Pubdate: Wed, 07 Feb 2007
Source: Winston-Salem Journal (NC)
Copyright: 2007 Piedmont Publishing Co. Inc.
Author: Titan Barksdale
Note: The Journal does not publish LTEs from writers outside its 
circulation area


He Served Nearly A Year On Drug Charges

The N.C. Court of Appeals dismissed two convictions of a Winston-Salem
man yesterday who has served nearly a year in prison on drug charges.

Isiah Davis, 54, had been serv-ing a 31/2-year prison sentence. A jury
found him guilty in February 2006 of two of three charges that he
faced. He was convicted of trafficking cocaine and possession with
intent to sell and deliver marijuana.

A charge of maintaining a dwelling for drug purposes was dismissed by
Judge Anderson Cromer of Superior Court. During the trial, Cromer also
denied a motion to dismiss all of the charges, allowing two to be
considered by the jury.

The appeals court, however, said that the motion to dismiss all
charges should have been granted because prosecutors "failed to do
more than create suspicion or conjecture" that (Davis) was guilty.

Cromer dismissed the charge of maintaining a dwelling for drug
purposes, said Davis' attorney, Clark Fischer. He added that he
"strongly argued" against presenting the remaining two charges to the

"The jury ruled against us ... and we have the court of appeals as a
safeguard," Fischer said. "I think that clearly the (judges) made the
right decision."

The case dates to October 2002, when Winston-Salem police officers
working in the Hap-py Hill community searched an apartment on
Baltimore Street where Davis was found inside. Police said they also
found 40 grams of crack cocaine and 70 grams of marijuana in a freezer
and un-der a refrigerator.

Davis told police that the apartment was not his permanent home, and
he provided a driver's license showing a different address. He also
denied know-ing about the drugs, though he told police that "drug
boys" had been at the apartment before the search, the court of
appeals opinion said.

Fischer said that Davis was in the apartment because his girlfriend
lived there.

No evidence was presented at trial that showed that police found any
drugs on Davis, and police testified that they did not see him touch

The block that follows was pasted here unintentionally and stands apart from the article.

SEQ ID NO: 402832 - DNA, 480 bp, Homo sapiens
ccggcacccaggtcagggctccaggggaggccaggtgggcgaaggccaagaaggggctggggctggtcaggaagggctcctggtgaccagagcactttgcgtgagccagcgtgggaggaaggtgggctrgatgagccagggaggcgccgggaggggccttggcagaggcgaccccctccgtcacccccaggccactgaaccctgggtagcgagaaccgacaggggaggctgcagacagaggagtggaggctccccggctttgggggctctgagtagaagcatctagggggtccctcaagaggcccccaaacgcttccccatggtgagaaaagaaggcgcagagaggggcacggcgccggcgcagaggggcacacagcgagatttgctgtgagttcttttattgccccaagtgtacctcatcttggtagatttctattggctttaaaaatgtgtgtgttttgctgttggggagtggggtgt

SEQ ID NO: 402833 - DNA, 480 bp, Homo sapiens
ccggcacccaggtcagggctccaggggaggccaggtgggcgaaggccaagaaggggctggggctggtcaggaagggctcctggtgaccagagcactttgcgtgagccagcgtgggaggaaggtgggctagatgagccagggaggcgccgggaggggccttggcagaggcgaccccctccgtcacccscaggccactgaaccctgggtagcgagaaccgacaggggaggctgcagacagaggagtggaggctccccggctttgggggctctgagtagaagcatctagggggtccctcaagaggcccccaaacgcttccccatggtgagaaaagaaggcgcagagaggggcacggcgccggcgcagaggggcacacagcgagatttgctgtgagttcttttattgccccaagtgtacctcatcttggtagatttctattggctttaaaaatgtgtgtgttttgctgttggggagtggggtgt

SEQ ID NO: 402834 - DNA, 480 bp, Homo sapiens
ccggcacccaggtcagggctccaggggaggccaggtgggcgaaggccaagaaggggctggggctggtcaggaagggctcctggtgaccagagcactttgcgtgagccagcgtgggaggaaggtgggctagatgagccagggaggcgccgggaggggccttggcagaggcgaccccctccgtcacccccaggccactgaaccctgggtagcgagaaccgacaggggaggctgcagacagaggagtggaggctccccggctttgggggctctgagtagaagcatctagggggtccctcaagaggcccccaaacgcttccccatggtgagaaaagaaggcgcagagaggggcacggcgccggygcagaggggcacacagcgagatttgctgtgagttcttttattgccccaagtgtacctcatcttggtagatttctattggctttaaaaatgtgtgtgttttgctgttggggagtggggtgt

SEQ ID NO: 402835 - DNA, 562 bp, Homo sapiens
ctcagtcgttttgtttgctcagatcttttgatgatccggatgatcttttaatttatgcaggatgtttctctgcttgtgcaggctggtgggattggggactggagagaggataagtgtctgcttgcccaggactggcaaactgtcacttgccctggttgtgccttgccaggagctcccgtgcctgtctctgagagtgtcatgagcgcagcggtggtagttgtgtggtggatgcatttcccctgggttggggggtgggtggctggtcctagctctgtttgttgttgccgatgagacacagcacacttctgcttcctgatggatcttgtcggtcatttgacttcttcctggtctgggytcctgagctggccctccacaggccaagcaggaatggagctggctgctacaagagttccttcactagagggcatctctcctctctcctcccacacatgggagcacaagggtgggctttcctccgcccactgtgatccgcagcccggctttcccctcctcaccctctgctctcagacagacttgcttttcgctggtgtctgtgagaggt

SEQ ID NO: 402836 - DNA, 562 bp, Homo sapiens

any of the drugs. The evidence presented by prosecutors failed to show
that Davis had control over the drugs, the opinion said.

"There was no evidence presented showing that defendant ever had
touched any of the seized items or moved toward the seized items,"
Judge Barbara Jackson of the N.C. Court of Appeals said in the ruling.
"The officers only saw (Davis) standing in the kitchen prior to his
lying down once the officers entered with their guns drawn."

Brian Chapuran, who has left the district attorney's office,
pro-secuted the case, which was based on a legal strategy called
"constructive possession."

Generally, such cases center on drugs found in a car or house occupied
by the defendant, but there is no evidence of drugs on the defendant's
body or clothing.

Prosecutors try to prove that even though there is no evidence that
someone had physical contact with drugs, they are still implicated in
a drug crime because they were at a place where drugs were found.

Fischer said that cases of constructive possession are of-ten tried in
court, but it is not known how many convictions in those cases are
dismissed at the appellate level.

Davis had been convicted of drug possession in 1985. His rec-ord shows
no other convictions, according to the N.C. Department of Correction's
Web site.

Yesterday afternoon, the Web site showed that Davis had been moved in
September from Charlotte to the Forsyth Correctional Center.

"Hopefully he will be home in a few days," Fischer said.
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